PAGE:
# Delegate for GUI project

I wrote simple delegate in C++11 for my GUI project. I think that some parts can be optimized or cleaned.

#ifndef DELEGATE_H
#define DELEGATE_H

//Container interface
template<typename... Args>
class IContainer
{
public:
virtual void Call(Args...) {}
virtual ~IContainer() {}
IContainer<Args...> *next;
};

//Container realization
template< typename T, typename M, typename... Args > class MContainer : public IContainer<Args...>
{
public:
MContainer( T* c, M m ) : mClass( c ), mMethod( m ) {}
void Call(Args... args)
{
(mClass->*mMethod)( args... );
}

private:
T *mClass;
M mMethod;
};

template< typename M, typename... Args > class FContainer : public IContainer<Args...>
{
public:
FContainer( M m ) : mMethod( m ) {}
void Call(Args... args)
{
(mMethod)( args... );
}

private:
M mMethod;
};

//Delegate
template<typename... Args>
class Delegate
{
public:
Delegate()
{
}
~Delegate()
{
while(container)
{
IContainer<Args...> *temp = container->next;
delete container;
container = temp;
}
}

void Clear()
{
while(container)
{
IContainer<Args...> *temp = container->next;
delete container;
container = temp;
}
}

template<typename T, typename M>
void Connect(T *c, M m)
{
mContainerTail->next = new MContainer< T, M, Args... >(c,m);
mContainerTail->next->next = 0;
mContainerTail = mContainerTail->next;
}

template<typename M>
void Connect(M m)
{
mContainerTail->next = new FContainer< M, Args... >(m);
mContainerTail->next->next = 0;
mContainerTail = mContainerTail->next;
}

template<typename T, typename M>
void Disconnect(T *c, M m)
{
while(container->next)
{
MContainer<T, M, Args...> *temp = dynamic_cast< MContainer<T, M, Args...>* >(container->next);

if(temp)
{
if(container->next == mContainerTail)
{
mContainerTail = container;
}
container->next = container->next->next;
delete temp;
break;
}
container = container->next;
}
}

template<typename M>
void Disconnect(M m)
{
while(container->next)
{
FContainer<M, Args...> *temp = dynamic_cast< FContainer<M, Args...>* >(container->next);

if(temp)
{
if(container->next == mContainerTail)
{
mContainerTail = container;
}
container->next = container->next->next;
delete temp;
break;
}
container = container->next;
}
}

void operator ()(Args... args)
{
Call(args...);
}

void Call(Args... args)
{
while(container)
{
container->Call(args...);
container = container->next;
}
}
private:
IContainer<Args...> *mContainerTail;
};

#endif // DELEGATE_H


Using example:

struct TestClass1
{
void hello(int a, int b)
{
std::cout << a << " + " << b << " = " << a+b << std::endl;
};
};

struct TestClass2
{
void hello(int a, int b)
{
std::cout << a << " - " << b << " = " << a-b << std::endl;
};
};

struct TestClass3
{
void hello(int a, int b)
{
std::cout << a << " * " << b << " = " << a*b << std::endl;
};
};

int main()
{
TestClass1 t1;
TestClass2 t2;
TestClass3 t3;
Delegate<int, int> d;
d.Connect(&t1, &TestClass1::hello);
d.Connect(&t2, &TestClass2::hello);
d.Connect(&t3, &TestClass3::hello);
d.Call(10,5);

d.Disconnect(&t2, &TestClass2::hello);

return 0;
}


### IContainer

In the class IContainer the member next is public. Which leads to potential incorrect useage.

Non private members is a code smell they should be hidden behind access methods (not get/set but more like chain()). Also it would be easier if you used smart pointers to make sure that everything is correctly cleaned up.

### Delegate

The Delegate class has owned raw pointers and does not follow the rule of five (google rule of three as it is more common but the rule of three was expanded to the rule of five with C++11).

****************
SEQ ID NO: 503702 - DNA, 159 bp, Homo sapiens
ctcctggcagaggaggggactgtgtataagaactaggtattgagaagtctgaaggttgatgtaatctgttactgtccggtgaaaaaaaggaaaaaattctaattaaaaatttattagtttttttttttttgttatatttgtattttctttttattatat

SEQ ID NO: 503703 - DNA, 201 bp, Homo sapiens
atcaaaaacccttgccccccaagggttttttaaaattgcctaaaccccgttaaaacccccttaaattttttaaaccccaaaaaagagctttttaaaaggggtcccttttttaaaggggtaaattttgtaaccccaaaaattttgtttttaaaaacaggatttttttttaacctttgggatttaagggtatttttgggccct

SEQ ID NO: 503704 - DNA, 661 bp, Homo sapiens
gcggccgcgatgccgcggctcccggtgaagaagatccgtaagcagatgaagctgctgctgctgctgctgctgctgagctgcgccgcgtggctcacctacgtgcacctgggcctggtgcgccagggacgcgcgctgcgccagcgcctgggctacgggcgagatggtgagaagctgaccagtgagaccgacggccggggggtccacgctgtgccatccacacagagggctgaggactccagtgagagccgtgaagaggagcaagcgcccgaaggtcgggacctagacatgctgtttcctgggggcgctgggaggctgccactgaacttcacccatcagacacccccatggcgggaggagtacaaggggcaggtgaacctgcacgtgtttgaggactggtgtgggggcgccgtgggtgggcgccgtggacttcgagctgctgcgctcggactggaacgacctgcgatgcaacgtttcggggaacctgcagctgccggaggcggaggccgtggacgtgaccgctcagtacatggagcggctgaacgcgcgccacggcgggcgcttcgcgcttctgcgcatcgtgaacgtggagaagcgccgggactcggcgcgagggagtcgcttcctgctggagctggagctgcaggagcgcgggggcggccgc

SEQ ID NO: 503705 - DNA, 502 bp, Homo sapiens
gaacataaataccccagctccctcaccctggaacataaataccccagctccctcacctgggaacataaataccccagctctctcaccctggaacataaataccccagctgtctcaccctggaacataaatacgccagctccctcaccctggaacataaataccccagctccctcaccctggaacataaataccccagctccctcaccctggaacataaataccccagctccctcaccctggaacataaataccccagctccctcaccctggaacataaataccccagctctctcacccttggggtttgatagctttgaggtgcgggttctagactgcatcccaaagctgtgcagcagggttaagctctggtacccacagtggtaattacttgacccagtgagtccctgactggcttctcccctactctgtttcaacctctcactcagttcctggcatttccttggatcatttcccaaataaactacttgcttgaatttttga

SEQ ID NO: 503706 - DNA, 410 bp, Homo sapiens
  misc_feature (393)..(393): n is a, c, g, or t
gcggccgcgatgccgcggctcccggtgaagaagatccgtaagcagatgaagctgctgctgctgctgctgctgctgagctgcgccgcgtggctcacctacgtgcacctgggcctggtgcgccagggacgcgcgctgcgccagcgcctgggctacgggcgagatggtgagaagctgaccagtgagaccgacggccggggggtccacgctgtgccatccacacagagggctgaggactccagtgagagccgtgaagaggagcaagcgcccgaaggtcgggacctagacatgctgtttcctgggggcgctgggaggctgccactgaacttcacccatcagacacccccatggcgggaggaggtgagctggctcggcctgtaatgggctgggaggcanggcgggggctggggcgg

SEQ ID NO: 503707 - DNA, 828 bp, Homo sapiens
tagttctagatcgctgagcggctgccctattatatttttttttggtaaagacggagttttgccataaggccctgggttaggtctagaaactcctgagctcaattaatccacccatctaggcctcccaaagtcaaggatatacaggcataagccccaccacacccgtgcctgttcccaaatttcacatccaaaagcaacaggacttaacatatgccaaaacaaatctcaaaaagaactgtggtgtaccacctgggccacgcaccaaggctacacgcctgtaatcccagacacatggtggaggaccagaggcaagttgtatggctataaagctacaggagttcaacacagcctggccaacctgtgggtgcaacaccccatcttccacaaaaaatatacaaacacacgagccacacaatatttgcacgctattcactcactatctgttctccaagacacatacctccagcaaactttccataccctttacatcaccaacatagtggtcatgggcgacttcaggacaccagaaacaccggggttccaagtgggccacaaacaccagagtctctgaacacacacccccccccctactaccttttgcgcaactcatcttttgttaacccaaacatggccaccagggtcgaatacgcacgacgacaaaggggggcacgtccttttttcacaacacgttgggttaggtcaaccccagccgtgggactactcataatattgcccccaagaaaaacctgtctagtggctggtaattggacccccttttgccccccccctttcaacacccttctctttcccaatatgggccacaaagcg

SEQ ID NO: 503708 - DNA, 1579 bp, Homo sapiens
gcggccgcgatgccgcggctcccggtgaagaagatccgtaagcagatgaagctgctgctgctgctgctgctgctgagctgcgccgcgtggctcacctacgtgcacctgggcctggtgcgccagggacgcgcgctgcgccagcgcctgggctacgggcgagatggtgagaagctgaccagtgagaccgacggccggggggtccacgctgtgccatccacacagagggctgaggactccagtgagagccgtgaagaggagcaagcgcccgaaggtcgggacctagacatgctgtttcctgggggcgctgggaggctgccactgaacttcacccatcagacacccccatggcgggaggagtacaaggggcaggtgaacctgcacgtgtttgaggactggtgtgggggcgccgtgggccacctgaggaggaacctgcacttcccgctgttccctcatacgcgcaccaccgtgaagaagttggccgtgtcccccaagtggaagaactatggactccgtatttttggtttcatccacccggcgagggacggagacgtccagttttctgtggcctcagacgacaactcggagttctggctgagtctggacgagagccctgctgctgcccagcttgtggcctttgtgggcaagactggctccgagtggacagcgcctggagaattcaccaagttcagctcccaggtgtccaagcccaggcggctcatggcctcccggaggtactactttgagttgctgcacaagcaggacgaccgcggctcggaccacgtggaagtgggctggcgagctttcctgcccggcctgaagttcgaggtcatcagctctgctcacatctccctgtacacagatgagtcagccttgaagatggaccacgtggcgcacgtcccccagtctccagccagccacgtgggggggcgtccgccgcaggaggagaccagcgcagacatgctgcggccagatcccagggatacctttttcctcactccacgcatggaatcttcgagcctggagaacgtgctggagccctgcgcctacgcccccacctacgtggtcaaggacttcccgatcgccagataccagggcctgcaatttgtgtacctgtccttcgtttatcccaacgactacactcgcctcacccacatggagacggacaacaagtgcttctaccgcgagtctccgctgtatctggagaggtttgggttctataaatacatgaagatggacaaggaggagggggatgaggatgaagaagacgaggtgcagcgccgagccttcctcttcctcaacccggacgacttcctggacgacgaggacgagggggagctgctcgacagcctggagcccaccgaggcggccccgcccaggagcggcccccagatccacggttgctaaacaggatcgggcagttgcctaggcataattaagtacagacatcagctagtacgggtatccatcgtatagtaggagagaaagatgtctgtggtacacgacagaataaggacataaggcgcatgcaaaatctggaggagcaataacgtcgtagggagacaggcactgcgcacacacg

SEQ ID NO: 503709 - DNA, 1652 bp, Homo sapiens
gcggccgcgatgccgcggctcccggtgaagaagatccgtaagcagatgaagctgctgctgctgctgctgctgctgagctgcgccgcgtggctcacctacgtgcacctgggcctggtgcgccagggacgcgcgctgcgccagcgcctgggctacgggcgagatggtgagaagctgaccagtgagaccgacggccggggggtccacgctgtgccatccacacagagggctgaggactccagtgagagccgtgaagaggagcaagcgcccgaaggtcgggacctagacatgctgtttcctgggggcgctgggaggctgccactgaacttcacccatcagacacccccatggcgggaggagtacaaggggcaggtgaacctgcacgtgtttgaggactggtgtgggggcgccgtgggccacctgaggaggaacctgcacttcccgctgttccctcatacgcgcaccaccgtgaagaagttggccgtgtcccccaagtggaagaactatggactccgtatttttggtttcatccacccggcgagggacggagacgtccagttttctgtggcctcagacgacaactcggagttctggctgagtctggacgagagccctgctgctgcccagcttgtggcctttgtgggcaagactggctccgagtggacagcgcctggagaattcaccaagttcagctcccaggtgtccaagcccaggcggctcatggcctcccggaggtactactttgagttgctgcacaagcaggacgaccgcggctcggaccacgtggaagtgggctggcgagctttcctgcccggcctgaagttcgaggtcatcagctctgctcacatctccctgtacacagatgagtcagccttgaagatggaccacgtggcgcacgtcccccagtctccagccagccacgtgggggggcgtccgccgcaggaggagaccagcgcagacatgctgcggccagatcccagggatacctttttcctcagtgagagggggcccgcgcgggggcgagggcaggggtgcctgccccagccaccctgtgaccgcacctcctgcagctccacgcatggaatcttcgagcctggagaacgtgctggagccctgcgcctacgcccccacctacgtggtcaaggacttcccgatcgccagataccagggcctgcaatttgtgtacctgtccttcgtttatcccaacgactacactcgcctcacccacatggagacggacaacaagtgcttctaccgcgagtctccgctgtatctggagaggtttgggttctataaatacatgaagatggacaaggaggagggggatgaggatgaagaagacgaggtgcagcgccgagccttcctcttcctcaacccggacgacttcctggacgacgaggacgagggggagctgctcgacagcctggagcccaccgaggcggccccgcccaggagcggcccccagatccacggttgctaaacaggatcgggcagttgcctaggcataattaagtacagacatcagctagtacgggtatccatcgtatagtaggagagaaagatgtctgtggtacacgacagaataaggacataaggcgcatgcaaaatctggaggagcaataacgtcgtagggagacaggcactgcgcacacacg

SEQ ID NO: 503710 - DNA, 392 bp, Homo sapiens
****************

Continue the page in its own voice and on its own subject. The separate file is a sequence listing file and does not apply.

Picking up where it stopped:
You can fix this be either implementing (or disabling) all the compiler generated methods. Or converting your owned raw pointers into smart pointers. My choice would be to convert them into smart pointers as correctly handing multiple RAW pointers with exceptions propagating is non trivial (a class with multiple owned RAW pointers is a Code smell even if you do implement the rule of five).

The code ~Delegate() and Clear() is very similar (ie code duplication). You should refactor this to move common code to a single function. If the code changes you then only have a single location that will need fixing.

In the method Conect() a lot of work is done that is usually associated with the constructor of the object. If you give IConnect an appropriate constructor this code becomes highly simplified and easier to follow.

In the method Disconnect()

    IContainer<Args...> *container = mContainerHead;
while(container->next)
{
// STUFF
container = container->next;
}


This looks more like a for(;;) loop.

    for(IContainer<Args...> *container = mContainerHead; container->next; container = container->next)
{
// STUFF
}


I think this does not read as well as it could.

            container->next = container->next->next;

// I would have done:
container->next = temp->next;


There is no indication that anything was removed from the list. There is also the possibility that might be multiple objects in the list that match the input requirements. So even if you remove one item this does not mean there does not exist an item with the same properties.

Here you have two options: 1) Add another bool parameter (that defaults to false) to indicate that all matching items should be removed from the list. 2) Return a boolean that indicates if anything was removed from the list (this allows the user to manually loop until all matching items have been removed if required).

In method Call() again I would have used a for(;;) loop.

You can also do one small optimization by not calling Call() on the actual head node (as you using sentinal that does nothing no point it calling the sentinal).